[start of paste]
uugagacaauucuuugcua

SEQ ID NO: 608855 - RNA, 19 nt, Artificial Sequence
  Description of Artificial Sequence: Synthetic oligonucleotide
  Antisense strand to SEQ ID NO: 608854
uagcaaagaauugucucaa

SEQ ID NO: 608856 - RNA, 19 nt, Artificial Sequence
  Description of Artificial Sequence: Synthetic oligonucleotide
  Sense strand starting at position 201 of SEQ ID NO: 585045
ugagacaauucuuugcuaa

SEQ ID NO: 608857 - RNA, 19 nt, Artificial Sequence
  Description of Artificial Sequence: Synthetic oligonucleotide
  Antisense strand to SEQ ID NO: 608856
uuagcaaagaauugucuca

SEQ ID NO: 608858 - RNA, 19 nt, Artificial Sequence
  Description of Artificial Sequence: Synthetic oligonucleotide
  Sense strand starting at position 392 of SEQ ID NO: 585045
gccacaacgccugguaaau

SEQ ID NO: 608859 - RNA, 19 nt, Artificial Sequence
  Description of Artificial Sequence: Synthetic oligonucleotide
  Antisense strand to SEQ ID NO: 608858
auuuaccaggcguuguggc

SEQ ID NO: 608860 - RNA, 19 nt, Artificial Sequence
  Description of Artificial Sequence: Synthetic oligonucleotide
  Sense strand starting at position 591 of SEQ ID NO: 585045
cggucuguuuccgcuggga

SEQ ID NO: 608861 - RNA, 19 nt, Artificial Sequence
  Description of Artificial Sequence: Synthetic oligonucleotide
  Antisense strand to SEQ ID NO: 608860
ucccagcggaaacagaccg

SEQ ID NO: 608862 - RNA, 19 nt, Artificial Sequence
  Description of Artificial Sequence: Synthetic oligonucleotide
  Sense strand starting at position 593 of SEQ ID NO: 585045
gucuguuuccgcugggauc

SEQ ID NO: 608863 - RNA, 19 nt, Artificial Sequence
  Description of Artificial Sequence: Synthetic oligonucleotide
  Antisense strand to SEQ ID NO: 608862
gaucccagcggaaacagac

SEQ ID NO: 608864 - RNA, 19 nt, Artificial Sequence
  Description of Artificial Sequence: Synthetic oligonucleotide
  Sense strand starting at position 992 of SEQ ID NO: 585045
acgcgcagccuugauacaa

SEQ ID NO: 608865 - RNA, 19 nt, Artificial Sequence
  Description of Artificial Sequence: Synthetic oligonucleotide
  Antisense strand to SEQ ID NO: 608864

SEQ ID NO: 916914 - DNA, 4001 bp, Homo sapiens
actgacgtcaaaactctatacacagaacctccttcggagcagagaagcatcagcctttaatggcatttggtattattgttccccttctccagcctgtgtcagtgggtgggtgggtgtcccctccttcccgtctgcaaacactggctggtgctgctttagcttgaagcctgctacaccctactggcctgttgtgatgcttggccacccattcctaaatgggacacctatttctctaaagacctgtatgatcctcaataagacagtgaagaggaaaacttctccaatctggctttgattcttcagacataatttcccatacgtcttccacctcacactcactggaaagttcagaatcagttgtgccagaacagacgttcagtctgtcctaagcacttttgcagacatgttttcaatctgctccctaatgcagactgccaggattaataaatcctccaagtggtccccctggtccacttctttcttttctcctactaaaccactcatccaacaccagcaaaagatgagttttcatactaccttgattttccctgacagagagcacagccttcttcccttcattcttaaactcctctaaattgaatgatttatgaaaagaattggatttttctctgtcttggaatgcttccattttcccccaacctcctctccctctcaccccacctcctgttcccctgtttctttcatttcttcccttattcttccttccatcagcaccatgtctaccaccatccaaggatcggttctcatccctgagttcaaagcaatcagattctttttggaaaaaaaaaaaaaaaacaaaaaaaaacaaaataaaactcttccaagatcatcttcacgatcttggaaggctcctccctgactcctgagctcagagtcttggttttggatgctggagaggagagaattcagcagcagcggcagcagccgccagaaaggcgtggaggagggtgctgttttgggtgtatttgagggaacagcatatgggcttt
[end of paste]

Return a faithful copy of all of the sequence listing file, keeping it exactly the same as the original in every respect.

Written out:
uugagacaauucuuugcua

SEQ ID NO: 608855 - RNA, 19 nt, Artificial Sequence
  Description of Artificial Sequence: Synthetic oligonucleotide
  Antisense strand to SEQ ID NO: 608854
uagcaaagaauugucucaa

SEQ ID NO: 608856 - RNA, 19 nt, Artificial Sequence
  Description of Artificial Sequence: Synthetic oligonucleotide
  Sense strand starting at position 201 of SEQ ID NO: 585045
ugagacaauucuuugcuaa

SEQ ID NO: 608857 - RNA, 19 nt, Artificial Sequence
  Description of Artificial Sequence: Synthetic oligonucleotide
  Antisense strand to SEQ ID NO: 608856
uuagcaaagaauugucuca

SEQ ID NO: 608858 - RNA, 19 nt, Artificial Sequence
  Description of Artificial Sequence: Synthetic oligonucleotide
  Sense strand starting at position 392 of SEQ ID NO: 585045
gccacaacgccugguaaau

SEQ ID NO: 608859 - RNA, 19 nt, Artificial Sequence
  Description of Artificial Sequence: Synthetic oligonucleotide
  Antisense strand to SEQ ID NO: 608858
auuuaccaggcguuguggc

SEQ ID NO: 608860 - RNA, 19 nt, Artificial Sequence
  Description of Artificial Sequence: Synthetic oligonucleotide
  Sense strand starting at position 591 of SEQ ID NO: 585045
cggucuguuuccgcuggga

SEQ ID NO: 608861 - RNA, 19 nt, Artificial Sequence
  Description of Artificial Sequence: Synthetic oligonucleotide
  Antisense strand to SEQ ID NO: 608860
ucccagcggaaacagaccg

SEQ ID NO: 608862 - RNA, 19 nt, Artificial Sequence
  Description of Artificial Sequence: Synthetic oligonucleotide
  Sense strand starting at position 593 of SEQ ID NO: 585045
gucuguuuccgcugggauc

SEQ ID NO: 608863 - RNA, 19 nt, Artificial Sequence
  Description of Artificial Sequence: Synthetic oligonucleotide
  Antisense strand to SEQ ID NO: 608862
gaucccagcggaaacagac

SEQ ID NO: 608864 - RNA, 19 nt, Artificial Sequence
  Description of Artificial Sequence: Synthetic oligonucleotide
  Sense strand starting at position 992 of SEQ ID NO: 585045
acgcgcagccuugauacaa

SEQ ID NO: 608865 - RNA, 19 nt, Artificial Sequence
  Description of Artificial Sequence: Synthetic oligonucleotide
  Antisense strand to SEQ ID NO: 608864

SEQ ID NO: 916914 - DNA, 4001 bp, Homo sapiens
actgacgtcaaaactctatacacagaacctccttcggagcagagaagcatcagcctttaatggcatttggtattattgttccccttctccagcctgtgtcagtgggtgggtgggtgtcccctccttcccgtctgcaaacactggctggtgctgctttagcttgaagcctgctacaccctactggcctgttgtgatgcttggccacccattcctaaatgggacacctatttctctaaagacctgtatgatcctcaataagacagtgaagaggaaaacttctccaatctggctttgattcttcagacataatttcccatacgtcttccacctcacactcactggaaagttcagaatcagttgtgccagaacagacgttcagtctgtcctaagcacttttgcagacatgttttcaatctgctccctaatgcagactgccaggattaataaatcctccaagtggtccccctggtccacttctttcttttctcctactaaaccactcatccaacaccagcaaaagatgagttttcatactaccttgattttccctgacagagagcacagccttcttcccttcattcttaaactcctctaaattgaatgatttatgaaaagaattggatttttctctgtcttggaatgcttccattttcccccaacctcctctccctctcaccccacctcctgttcccctgtttctttcatttcttcccttattcttccttccatcagcaccatgtctaccaccatccaaggatcggttctcatccctgagttcaaagcaatcagattctttttggaaaaaaaaaaaaaaaacaaaaaaaaacaaaataaaactcttccaagatcatcttcacgatcttggaaggctcctccctgactcctgagctcagagtcttggttttggatgctggagaggagagaattcagcagcagcggcagcagccgccagaaaggcgtggaggagggtgctgttttgggtgtatttgagggaacagcatatgggcttt